The mystery behind the appearance of blue dolphins across Aberdeen has today been revealed.
Text appeal: Women describing themselves as sweet, ambitious or thoughtful are more likely to attract male attention and receive admiring messages on online dating websites (illustrated), while men who claim they are physically fit or describe themselves as perceptive, passionate or optimistic prove more irresistible to women A study of 12,000 online dating profiles posted on e uk found that women describing themselves as sweet, ambitious or thoughtful are more likely to attract male attention and receive admiring messages.
Physically fit or perceptive men attract between 60 and 70 per cent more interest from women who want to get to know them better, while sweet, ambitious or funny women see between 20 to 45 per cent more approaches.
In Stamford Hill, an area of north London with a large Jewish population, a mock street sign was spotted on a lamppost near a synagogue, bearing the silhouette of an Orthodox Jewish man within a red warning triangle.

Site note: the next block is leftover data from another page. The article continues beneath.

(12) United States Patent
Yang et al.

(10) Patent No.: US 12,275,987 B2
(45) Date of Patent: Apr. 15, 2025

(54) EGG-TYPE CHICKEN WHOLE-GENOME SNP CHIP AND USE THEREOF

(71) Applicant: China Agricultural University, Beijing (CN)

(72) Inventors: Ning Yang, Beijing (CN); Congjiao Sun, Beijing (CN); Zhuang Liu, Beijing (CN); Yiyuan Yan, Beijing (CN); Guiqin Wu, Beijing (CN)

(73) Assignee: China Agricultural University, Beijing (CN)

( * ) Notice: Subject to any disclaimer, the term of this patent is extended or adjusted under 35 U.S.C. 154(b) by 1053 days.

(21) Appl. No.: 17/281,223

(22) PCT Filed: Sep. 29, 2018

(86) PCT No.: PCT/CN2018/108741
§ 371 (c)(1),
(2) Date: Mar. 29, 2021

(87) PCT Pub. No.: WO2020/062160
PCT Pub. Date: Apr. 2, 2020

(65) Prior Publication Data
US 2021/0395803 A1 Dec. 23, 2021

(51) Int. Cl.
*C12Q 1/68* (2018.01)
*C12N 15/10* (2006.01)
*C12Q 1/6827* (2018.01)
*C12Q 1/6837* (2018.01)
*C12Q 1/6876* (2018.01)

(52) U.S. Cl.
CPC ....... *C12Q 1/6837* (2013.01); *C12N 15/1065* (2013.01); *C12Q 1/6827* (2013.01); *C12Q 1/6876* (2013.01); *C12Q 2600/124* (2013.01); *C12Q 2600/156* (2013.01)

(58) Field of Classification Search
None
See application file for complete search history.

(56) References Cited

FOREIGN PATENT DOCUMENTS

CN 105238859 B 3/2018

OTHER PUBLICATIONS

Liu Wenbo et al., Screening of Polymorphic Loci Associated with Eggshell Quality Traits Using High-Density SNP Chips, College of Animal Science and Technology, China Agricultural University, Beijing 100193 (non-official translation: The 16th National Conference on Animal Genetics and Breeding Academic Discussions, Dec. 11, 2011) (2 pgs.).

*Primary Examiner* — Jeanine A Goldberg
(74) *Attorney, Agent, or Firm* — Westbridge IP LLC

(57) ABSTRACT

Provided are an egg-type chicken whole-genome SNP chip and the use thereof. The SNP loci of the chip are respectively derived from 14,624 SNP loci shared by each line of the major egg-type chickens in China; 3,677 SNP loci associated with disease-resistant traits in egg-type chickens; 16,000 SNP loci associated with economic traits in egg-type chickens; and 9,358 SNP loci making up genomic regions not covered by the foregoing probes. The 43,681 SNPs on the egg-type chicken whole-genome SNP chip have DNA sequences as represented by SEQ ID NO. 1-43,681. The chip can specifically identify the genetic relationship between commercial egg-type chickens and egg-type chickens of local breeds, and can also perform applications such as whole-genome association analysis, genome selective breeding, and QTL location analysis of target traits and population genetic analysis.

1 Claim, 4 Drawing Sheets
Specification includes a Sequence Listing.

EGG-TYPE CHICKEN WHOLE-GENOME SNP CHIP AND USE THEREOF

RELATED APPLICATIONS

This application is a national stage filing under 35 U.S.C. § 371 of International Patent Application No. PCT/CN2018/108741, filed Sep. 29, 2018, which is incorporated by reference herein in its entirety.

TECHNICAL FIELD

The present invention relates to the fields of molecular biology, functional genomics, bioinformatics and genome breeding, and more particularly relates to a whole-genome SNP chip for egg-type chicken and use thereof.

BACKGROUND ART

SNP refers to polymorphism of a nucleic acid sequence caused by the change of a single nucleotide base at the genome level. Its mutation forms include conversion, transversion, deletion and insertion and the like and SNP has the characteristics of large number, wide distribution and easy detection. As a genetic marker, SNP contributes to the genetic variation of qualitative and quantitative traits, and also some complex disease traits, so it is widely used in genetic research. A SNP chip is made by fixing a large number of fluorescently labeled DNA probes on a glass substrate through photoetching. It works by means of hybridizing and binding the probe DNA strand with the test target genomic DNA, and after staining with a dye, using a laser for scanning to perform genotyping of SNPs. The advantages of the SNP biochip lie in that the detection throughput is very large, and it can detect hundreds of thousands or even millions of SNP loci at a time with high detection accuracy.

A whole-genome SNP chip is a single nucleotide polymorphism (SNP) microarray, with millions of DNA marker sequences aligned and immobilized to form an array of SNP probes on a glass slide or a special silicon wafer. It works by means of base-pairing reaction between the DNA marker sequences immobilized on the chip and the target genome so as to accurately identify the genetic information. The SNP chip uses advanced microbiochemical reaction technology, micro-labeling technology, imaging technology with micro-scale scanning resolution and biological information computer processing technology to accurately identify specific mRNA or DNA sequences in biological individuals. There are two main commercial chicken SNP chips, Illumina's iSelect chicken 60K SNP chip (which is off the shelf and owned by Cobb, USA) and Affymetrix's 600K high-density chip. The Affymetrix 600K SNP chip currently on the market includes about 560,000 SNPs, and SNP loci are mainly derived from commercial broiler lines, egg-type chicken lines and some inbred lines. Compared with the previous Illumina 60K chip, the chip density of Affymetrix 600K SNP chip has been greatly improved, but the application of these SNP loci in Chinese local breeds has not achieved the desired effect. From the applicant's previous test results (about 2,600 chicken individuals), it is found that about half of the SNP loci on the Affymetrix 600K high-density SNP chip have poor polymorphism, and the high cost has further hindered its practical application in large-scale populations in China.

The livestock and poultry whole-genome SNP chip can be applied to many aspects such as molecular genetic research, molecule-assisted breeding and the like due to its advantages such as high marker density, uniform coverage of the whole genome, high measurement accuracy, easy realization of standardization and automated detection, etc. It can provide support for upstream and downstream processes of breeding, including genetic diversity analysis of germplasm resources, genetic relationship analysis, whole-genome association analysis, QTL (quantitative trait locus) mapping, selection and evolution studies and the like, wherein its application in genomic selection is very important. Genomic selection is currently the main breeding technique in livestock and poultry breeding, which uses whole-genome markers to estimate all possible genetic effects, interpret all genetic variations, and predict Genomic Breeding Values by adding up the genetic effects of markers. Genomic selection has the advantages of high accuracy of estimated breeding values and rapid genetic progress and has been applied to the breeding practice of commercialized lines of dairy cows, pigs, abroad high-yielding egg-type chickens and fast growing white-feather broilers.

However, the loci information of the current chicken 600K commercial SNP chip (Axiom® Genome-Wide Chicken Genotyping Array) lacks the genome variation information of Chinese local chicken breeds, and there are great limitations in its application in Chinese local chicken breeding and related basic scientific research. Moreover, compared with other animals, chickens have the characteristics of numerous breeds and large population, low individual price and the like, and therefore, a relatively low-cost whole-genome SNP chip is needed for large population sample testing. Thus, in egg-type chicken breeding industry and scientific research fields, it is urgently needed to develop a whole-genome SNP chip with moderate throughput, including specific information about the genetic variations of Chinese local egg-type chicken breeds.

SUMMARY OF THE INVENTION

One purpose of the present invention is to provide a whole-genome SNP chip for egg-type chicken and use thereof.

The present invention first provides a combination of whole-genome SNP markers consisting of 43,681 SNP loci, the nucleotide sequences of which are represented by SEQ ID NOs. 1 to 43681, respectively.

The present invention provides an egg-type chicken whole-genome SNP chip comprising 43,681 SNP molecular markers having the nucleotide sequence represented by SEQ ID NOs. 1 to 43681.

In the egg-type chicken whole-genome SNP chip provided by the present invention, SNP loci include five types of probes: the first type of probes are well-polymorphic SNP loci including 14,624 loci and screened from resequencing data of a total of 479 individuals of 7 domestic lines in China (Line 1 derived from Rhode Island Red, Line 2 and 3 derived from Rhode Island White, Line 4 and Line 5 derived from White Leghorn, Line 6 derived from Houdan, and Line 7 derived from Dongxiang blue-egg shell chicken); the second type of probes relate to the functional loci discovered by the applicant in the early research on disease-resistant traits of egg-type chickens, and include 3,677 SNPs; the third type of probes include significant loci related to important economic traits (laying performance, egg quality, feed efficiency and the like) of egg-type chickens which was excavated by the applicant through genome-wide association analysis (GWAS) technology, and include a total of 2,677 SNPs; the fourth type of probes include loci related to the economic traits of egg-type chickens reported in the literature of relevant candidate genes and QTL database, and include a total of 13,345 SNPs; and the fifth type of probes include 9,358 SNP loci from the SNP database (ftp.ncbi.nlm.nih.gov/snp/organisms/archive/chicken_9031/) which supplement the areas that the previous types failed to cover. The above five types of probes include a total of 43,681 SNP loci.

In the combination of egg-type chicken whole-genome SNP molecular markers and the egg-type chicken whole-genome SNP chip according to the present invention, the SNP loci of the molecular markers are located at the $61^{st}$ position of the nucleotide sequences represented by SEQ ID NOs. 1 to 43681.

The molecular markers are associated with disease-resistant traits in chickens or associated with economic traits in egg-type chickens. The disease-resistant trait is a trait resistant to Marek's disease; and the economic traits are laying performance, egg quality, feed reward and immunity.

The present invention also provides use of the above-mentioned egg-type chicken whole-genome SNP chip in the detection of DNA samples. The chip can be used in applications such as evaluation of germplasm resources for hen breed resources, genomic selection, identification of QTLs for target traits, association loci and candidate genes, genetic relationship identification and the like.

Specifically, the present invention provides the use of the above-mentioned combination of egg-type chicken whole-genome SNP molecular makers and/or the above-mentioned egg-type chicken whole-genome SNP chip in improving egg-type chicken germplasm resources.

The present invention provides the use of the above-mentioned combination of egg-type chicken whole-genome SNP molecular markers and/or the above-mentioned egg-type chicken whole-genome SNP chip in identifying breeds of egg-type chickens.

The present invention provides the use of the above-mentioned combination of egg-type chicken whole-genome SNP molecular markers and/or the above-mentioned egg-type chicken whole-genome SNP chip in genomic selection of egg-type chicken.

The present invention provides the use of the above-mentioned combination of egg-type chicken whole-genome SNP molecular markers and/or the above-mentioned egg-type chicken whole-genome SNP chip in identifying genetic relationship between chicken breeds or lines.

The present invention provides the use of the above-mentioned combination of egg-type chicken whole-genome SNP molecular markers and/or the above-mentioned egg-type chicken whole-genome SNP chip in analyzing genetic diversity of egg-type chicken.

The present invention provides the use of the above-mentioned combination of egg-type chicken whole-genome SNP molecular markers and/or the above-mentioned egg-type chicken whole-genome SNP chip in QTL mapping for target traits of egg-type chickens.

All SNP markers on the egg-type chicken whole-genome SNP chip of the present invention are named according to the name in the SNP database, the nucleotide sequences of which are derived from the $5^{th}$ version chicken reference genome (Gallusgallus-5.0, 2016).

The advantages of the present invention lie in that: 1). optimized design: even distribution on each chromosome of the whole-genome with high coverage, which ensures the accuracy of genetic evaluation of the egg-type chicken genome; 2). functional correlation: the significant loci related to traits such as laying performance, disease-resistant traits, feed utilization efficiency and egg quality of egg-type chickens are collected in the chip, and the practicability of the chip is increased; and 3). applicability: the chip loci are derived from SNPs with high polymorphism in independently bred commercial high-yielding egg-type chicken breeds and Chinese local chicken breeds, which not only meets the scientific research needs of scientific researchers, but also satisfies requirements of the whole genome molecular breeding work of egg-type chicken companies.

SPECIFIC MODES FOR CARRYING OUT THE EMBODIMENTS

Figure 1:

Shomrim North & East London, the Jewish neighbourhood watch group, reported to police and the local council that there was a “Beware of Jews” sign in the area, describing it as offensive.
Described as “despicable” by MPs and reported to police as a hate crime, a street art project about local identity backfired yesterday when it was mistaken for an attack on Orthodox Jews.
The artist attracted anger on social media before explaining the misunderstanding and apologising for causing offence.There's always a bit of history waiting to be discovered – and that's exactly what the owners of this hotel found out last week.This old shop sign has been unveiled as The Plymouth Backpackers Hotel, on Union Street, undergoes a major revamp.The tobacco sellers also had branches at Mutley Plain, New George Street, and Cornwall Street.Many passers-by have noticed the old sign, and one elderly lady told Karen she remembers it as Barbaras, and a chemist before that. "Whoever owned the building before seems to have just covered each business up with wood.Although not much is known about the owners, Plymouth historian Chris Robinson revealed Snell & Co, which had shops all over the city, was a tobacconist.